The Three Unalienable Rights of the United States of America

The Drive to Live

According to the Bible, God is life and is the Source of all life. David confessed, “My soul thirsts for God, for the living God (Ps. 42:2).” The prophet Jeremiah proclaimed, “But the Lord is the true God; He is the living God, the eternal King (Jer. 10:10).”

As strong believers in God and the Bible, the Framers openly stated the right to life as the first of three self-evident truths bestowed by God our Creator. The unalienable right to life is one of the greatest qualities this nation was built on. It is pivotal to our very existence and a validation of God’s love for His creation. Life is truly a great gift and blessing granted by God. And it is in this life that God directs us to live life freely and willingly in accordance with His moral standards.

The Founders’ ideals were to construct a government that has the rightful power to protect the vitality of human life, but not the power to control or destroy it. Life (and its religious freedoms) are not benevolent gifts from the government, but inherent rights that are given to each person – whether an unborn child or a debilitated individual unable to care for himself. Each life is unique and specially designed by the sovereign plans of God to execute and fulfill divine purposes that bring honor and glory to Him. This is what the Bible teaches and a powerful belief that built the nation of America.

The Drive to Be Free

Our Founders dared to dream big. They dreamed of establishing a free society of self-government, a society free from the scourge of tyranny. It was a dream that would motivate Thomas Jefferson to write the Declaration of Independence as a grievance to King George III. A dream that would ignite the American Revolution, fought and won by freedom-loving patriots. The Founders defended and believed in an ordered society that cherished and perpetuated freedoms of expression and religion. They did not believe that liberty required a diminution of religion in public life, but that every American had the natural right to worship God as they chose, and pursue a life with vast liberty and opportunity.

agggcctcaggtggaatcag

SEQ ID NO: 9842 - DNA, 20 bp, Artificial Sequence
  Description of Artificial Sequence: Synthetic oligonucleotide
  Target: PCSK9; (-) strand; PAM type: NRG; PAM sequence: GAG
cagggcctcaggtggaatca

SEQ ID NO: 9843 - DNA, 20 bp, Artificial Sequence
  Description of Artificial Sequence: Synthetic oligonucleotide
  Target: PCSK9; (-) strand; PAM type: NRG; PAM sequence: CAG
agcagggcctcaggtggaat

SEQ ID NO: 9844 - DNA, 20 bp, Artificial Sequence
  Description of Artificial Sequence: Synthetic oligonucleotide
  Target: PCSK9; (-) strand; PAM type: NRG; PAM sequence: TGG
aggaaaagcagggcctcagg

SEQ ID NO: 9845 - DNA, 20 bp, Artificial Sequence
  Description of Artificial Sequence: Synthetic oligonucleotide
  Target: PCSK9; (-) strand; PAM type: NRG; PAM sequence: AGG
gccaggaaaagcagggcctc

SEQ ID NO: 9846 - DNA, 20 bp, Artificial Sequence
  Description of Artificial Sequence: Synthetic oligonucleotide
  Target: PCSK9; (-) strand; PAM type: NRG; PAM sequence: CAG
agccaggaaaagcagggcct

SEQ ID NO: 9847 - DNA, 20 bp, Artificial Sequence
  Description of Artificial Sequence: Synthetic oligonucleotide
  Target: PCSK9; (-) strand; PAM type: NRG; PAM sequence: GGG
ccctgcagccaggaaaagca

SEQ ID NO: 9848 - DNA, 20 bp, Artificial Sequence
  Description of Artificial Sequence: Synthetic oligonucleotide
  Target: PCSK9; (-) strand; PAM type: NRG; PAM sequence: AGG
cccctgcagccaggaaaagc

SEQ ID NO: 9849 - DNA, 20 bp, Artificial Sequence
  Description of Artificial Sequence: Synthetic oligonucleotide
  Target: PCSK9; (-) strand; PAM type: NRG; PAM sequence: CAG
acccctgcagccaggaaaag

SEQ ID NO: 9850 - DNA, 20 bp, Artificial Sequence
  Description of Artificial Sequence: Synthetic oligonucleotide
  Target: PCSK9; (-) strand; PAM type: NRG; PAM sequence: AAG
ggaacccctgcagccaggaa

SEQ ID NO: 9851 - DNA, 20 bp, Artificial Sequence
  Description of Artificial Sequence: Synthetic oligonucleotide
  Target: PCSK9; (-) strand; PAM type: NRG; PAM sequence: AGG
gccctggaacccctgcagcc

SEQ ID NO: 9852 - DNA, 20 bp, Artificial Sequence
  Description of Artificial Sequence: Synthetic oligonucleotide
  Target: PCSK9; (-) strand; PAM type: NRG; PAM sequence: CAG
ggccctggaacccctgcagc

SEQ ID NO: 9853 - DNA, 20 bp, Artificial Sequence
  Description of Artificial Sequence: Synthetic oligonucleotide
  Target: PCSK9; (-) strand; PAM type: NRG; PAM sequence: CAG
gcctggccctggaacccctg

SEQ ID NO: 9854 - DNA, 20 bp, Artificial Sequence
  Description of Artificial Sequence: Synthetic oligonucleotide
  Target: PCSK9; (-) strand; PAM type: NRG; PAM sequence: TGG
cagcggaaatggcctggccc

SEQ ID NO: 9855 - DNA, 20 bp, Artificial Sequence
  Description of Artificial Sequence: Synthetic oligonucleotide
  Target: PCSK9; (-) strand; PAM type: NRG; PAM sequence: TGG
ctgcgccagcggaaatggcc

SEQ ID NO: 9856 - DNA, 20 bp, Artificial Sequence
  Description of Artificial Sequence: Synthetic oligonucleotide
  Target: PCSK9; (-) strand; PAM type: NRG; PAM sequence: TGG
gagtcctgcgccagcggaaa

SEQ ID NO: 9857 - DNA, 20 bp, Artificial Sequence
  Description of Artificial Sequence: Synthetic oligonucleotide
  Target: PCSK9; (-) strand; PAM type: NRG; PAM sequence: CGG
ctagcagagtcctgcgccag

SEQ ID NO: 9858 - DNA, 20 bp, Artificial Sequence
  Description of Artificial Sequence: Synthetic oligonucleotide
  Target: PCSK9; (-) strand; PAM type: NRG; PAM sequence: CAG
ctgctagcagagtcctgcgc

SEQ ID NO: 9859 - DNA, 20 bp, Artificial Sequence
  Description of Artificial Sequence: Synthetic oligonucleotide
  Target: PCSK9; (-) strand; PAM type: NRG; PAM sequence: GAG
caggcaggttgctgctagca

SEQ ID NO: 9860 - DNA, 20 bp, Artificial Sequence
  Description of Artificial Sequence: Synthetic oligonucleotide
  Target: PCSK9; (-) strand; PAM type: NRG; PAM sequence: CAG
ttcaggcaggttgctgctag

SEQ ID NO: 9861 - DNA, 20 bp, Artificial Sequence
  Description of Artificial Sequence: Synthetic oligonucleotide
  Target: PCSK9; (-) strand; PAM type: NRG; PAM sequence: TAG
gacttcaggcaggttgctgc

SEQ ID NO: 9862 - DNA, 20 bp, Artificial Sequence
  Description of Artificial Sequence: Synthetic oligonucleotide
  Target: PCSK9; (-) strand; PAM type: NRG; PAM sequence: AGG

However, the Founders knew that without the continual protection of the free expression of freedom, it would not last. Thus, they erected the U.S. Constitution and branches of government to protect the rights of the people. But leaving it up to the people to maintain and sustain their freedoms. John Adams pointedly stated, “Posterity, you will never know how much it cost the present generation to preserve your freedom. I hope you will make good use of it. If you do not, I shall repent in heaven that ever I took half the pains to preserve it.”

The Drive to Achieve

In his classic work, The Epic of America, James Truslow Adams coined the phrase: “American Dream.” Adams expressed his characterization of the “American Dream” with these sentiments:

The American Dream is that dream of a land in which life should be better and richer and fuller for everyone, with opportunity for each according to ability or achievement. It is a difficult dream for the European upper classes to interpret adequately, and too many of us ourselves have grown weary and mistrustful of it. It is not a dream of motor cars and high wages merely, but a dream of social order in which each man and each woman shall be able to attain to the fullest stature of which they are innately capable, and be recognized by others for what they are, regardless of the fortuitous circumstances of birth or position.

This description of the “American Dream” came from the vision of what Thomas Jefferson and many of our Founders sought to achieve and preserve for all Americans. Many of our Founders believed in a country where a self-governing democracy could succeed in providing its citizens the liberties that would afford them opportunities to freely achieve a dream bigger than themselves. They believed in a country where the common man could be given the chance to make a better life for his family and be free to speak and share his faith without being persecuted.

Our Founders never intended for government to be the classifier of citizens according to rank and file. To our Founders, living the “American Dream” was to aspire to greatness and to pursue it wholeheartedly. The “American Dream” was not intended for the faint of heart nor built on the selfish ambitions of the individual, but on the drive that comes from honoring God and providing a safe place for a family to live. As parents worked hard and cared for their families, they hoped and prayed that the future for their children looked bigger and brighter than their own.